Tuesday 3 March 2015

Knowing Me, Knowing You

“Does she still recognise you?”  That’s what everyone asks.  Answer: for the moment, to some extent, yes.  My mum does still recognise me.  She knows me by sight.  But what does that phrase really mean?

Think of the many people you “know by sight”: members of your gym class, a cashier in your local supermarket, fellow commuters on your train, regulars at your favourite coffee shop or bar.  You might exchange the odd word, perhaps even know their name and ask after their family, their health, their plans for the weekend. 

But meet them out of context – fully-clothed in the street, instead of lycra-clad in the gym, or on the Tube, not at the till – and you may be thrown.  You know you “know” them, but are not sure where or how.  So you nod and smile, make small talk, or just keep quiet while they speak, in the hope they’ll give you some clue, and maybe it will come back. Maybe it won’t; but through this non-committal pantomime, you will have covered up your mental blank, met social expectations – and the other person need not know you don’t fully remember them.

This is now the level of my relationship with mum.  Yes, she responds to my face; I worry that her sight is declining and still value that.  I know I am lucky she can still speak and hear; we can engage to some degree.  She acts as if she knows me.  But all intimacy is gone.  An only child in my forties, I am no more significant to her than some tolerably pleasant woman she might have nodded to in a café, when she still went shopping in town.

That’s not to say she doesn’t care about her daughter.  Ask her, and she will say she loves her very much.  But that daughter, or that “Ming”, is an abstract notion, an amorphous idea of a young girl.  Mum can’t equate that with the actual middle-aged woman who sits at her bedside. On the table before her will be recent photographs of me that I’ve labelled with my name, in hope of reinforcing the connection.  She will often be fixated with these, remarking on them to me (not always in flattering terms!), and they will be more real and interesting to her than the flesh-and-blood Ming in the room.

Since I realised mum had dementia, I always knew there might come a time when she didn’t know me.  But I thought it would be at a stage where she didn’t know or respond to anything much. I had no idea it could co-exist with relative articulacy and sentience. I never imagined the slow and insidious way that “unknowing” could creep up, or the sophistication of mum’s facility to conceal it.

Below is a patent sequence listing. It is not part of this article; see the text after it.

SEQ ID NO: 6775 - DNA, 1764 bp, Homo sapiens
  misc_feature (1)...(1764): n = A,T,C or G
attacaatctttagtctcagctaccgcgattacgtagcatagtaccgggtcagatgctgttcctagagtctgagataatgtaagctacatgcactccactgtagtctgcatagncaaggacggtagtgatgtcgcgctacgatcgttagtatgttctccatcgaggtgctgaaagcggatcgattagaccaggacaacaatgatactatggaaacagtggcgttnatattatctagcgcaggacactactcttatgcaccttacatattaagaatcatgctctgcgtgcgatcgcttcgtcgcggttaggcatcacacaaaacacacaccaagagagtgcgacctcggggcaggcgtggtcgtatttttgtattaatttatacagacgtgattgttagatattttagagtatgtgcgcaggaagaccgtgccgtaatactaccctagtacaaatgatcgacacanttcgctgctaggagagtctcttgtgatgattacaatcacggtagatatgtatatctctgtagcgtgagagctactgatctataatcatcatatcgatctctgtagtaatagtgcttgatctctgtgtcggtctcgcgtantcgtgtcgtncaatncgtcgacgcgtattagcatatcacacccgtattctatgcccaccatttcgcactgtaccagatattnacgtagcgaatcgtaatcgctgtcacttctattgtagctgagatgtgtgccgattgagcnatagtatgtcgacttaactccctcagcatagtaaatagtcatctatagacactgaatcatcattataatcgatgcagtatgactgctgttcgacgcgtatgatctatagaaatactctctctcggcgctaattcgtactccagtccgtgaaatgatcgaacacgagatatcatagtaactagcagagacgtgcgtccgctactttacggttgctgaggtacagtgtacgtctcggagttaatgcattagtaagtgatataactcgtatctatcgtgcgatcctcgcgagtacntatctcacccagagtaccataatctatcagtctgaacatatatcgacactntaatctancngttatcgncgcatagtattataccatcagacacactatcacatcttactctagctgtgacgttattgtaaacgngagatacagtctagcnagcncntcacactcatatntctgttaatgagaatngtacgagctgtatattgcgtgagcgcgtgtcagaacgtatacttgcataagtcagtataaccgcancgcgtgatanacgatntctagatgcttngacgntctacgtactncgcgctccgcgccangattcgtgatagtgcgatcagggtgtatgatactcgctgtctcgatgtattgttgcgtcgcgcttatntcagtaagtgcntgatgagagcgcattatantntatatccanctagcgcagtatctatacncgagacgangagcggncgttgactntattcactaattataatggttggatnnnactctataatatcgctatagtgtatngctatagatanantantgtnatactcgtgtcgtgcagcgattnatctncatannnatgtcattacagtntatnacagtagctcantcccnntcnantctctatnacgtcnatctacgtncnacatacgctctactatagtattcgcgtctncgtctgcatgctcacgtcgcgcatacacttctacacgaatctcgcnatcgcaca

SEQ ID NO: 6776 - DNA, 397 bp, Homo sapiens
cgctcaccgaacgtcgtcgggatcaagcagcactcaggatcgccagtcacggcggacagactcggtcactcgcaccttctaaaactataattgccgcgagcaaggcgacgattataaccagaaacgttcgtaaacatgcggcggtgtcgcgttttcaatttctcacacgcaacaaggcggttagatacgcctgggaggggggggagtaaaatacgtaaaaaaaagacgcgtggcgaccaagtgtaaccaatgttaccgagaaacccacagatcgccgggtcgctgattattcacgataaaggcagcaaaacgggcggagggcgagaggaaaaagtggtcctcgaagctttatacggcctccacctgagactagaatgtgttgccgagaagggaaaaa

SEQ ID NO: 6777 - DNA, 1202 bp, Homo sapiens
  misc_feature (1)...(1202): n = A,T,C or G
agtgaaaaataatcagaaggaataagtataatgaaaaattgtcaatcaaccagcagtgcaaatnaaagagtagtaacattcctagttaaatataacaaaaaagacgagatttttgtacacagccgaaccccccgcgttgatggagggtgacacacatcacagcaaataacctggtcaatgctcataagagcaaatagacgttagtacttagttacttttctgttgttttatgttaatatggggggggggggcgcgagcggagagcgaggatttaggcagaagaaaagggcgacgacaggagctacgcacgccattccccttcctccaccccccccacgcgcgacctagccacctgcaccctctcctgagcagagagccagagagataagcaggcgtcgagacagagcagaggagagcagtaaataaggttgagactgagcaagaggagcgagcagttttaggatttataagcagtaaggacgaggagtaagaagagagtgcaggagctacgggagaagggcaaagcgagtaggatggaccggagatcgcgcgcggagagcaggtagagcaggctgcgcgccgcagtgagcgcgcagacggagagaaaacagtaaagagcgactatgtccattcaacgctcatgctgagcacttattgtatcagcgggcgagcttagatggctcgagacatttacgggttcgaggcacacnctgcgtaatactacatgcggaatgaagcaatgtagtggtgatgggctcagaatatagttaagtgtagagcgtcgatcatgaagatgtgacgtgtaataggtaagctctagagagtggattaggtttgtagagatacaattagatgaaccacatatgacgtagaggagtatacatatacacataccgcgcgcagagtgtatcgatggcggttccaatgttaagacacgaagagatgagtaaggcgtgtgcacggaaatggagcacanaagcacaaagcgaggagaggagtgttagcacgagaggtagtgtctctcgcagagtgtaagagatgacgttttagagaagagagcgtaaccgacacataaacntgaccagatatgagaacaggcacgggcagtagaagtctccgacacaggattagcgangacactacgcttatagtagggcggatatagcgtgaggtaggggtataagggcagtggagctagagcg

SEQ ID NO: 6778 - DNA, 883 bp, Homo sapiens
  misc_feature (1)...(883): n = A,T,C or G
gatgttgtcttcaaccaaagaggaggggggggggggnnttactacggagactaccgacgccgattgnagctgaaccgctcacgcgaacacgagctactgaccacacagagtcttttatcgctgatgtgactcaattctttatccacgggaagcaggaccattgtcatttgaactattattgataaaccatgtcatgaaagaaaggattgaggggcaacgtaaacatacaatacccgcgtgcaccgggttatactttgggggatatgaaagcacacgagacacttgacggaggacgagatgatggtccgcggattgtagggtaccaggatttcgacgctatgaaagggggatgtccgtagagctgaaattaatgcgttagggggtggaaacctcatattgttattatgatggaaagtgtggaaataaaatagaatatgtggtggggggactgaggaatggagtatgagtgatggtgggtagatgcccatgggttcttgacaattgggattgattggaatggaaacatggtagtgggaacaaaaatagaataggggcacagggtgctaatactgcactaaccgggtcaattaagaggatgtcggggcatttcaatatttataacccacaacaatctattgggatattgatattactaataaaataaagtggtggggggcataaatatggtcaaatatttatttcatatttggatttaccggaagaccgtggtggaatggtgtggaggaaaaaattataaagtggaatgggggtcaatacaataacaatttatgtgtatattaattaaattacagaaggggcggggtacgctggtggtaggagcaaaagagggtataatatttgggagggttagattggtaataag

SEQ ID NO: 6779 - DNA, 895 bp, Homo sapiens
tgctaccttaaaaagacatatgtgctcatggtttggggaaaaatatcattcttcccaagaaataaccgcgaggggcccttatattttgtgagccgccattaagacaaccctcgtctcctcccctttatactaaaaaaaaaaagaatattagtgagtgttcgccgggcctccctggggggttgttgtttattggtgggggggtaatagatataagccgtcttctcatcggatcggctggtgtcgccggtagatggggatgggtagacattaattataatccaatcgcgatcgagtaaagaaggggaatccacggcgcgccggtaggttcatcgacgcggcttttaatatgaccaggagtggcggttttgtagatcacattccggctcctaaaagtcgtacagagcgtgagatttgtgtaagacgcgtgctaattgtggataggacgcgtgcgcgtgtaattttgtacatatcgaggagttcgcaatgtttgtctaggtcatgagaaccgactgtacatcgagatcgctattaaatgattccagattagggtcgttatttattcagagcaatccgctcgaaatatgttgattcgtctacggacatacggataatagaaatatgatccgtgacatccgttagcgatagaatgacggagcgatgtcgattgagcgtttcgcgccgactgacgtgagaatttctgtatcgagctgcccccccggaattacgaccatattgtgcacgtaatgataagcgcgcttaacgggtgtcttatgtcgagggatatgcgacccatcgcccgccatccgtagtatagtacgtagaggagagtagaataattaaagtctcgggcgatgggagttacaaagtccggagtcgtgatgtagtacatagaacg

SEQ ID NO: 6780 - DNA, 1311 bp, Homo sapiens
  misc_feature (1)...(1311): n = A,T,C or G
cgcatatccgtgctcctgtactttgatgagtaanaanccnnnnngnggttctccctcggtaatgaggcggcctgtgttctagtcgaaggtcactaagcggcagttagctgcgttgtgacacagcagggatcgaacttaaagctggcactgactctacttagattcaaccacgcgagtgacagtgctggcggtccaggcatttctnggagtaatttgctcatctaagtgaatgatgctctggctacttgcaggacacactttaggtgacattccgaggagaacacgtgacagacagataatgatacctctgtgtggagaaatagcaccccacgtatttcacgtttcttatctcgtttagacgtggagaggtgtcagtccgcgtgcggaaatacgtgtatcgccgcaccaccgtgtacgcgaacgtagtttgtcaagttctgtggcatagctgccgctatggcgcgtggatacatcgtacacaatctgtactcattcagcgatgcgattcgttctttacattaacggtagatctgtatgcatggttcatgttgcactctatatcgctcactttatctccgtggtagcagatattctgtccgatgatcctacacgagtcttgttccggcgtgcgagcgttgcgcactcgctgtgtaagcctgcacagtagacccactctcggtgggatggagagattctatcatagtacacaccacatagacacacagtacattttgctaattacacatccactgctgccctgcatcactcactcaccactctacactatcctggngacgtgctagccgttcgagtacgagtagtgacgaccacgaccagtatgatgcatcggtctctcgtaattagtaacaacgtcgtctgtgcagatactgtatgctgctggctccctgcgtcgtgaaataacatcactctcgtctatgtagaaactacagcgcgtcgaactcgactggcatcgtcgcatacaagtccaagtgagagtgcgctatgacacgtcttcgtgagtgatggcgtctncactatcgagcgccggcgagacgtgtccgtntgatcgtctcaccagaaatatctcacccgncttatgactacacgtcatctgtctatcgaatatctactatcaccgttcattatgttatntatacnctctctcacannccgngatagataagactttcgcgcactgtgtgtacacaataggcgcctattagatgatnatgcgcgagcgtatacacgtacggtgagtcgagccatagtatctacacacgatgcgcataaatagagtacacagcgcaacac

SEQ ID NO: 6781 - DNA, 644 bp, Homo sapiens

There have been times in recent years when it has been painfully explicit (as I have detailed in my earlier post, I Don't Know Who You Are); but with hindsight, I can see instances much further back, when the underlying clues were there. Mum loved to give presents, for example, and rarely ventured out without lighting upon something for me: purses, make-up bags, trinkets, jewellery. However, these gifts grew more inappropriate and sometimes downright bizarre. I was puzzled when she pressed on me a lurid silver, pink and mauve bangle of a kind I would never wear - more suited to a pre-teen Britney Spears fan than an adult. 

At the time, I was rather irritated at both the apparent lapse in taste and waste of money – affronted that, in choosing this, she didn’t seem to know me.  Little did I realise that was the literal truth.  She was buying that bracelet for the teenage me in her head, not the real woman I had become, or for a notional daughter whose taste she no longer recalled.

There were other more immediately troubling incidents, when she would suddenly say things like “are your parents alive?” or “when are you going back to Hong Kong?” (I’ve never been and live in London), which might be deemed obvious signs that she thought I was someone else; but if I looked askance or remarked on it, she would instantly cover up and the moment would be past. Sometimes I would catch her looking oddly at me, but she would say nothing. Now I think she was wondering who I was.

For all my life, until dementia took hold, mum and I had been close, with no other immediate family since dad died in 1988.  It is infinitely sad that not only has our current relationship lost its roots, but I find myself questioning the last decade or more, when those roots, it seems, had already begun to wither unseen underground. How much of our intimacy then was a sham, mum just going through the motions, humouring a vaguely familiar woman whom she “must know” because she happens to be in the house?  Could it be that we were living as strangers for pretty much all of that time?

Now that we are entering the last phase of mum’s journey, I have learned that “recognition” is not the same as “knowing”.  You might recognise the cashier at your supermarket till, but do you really know her? Not unless she’s a friend. “Knowing” comes from accumulated memory, the incremental sum of facts and thoughts and feelings about another person that go beyond superficial contact.  My mum still recognises my face; she sometimes knows my name, sometimes knows I’m her daughter and sometimes knows that she loves me, but rarely all those things at once.  I am lucky to have that much.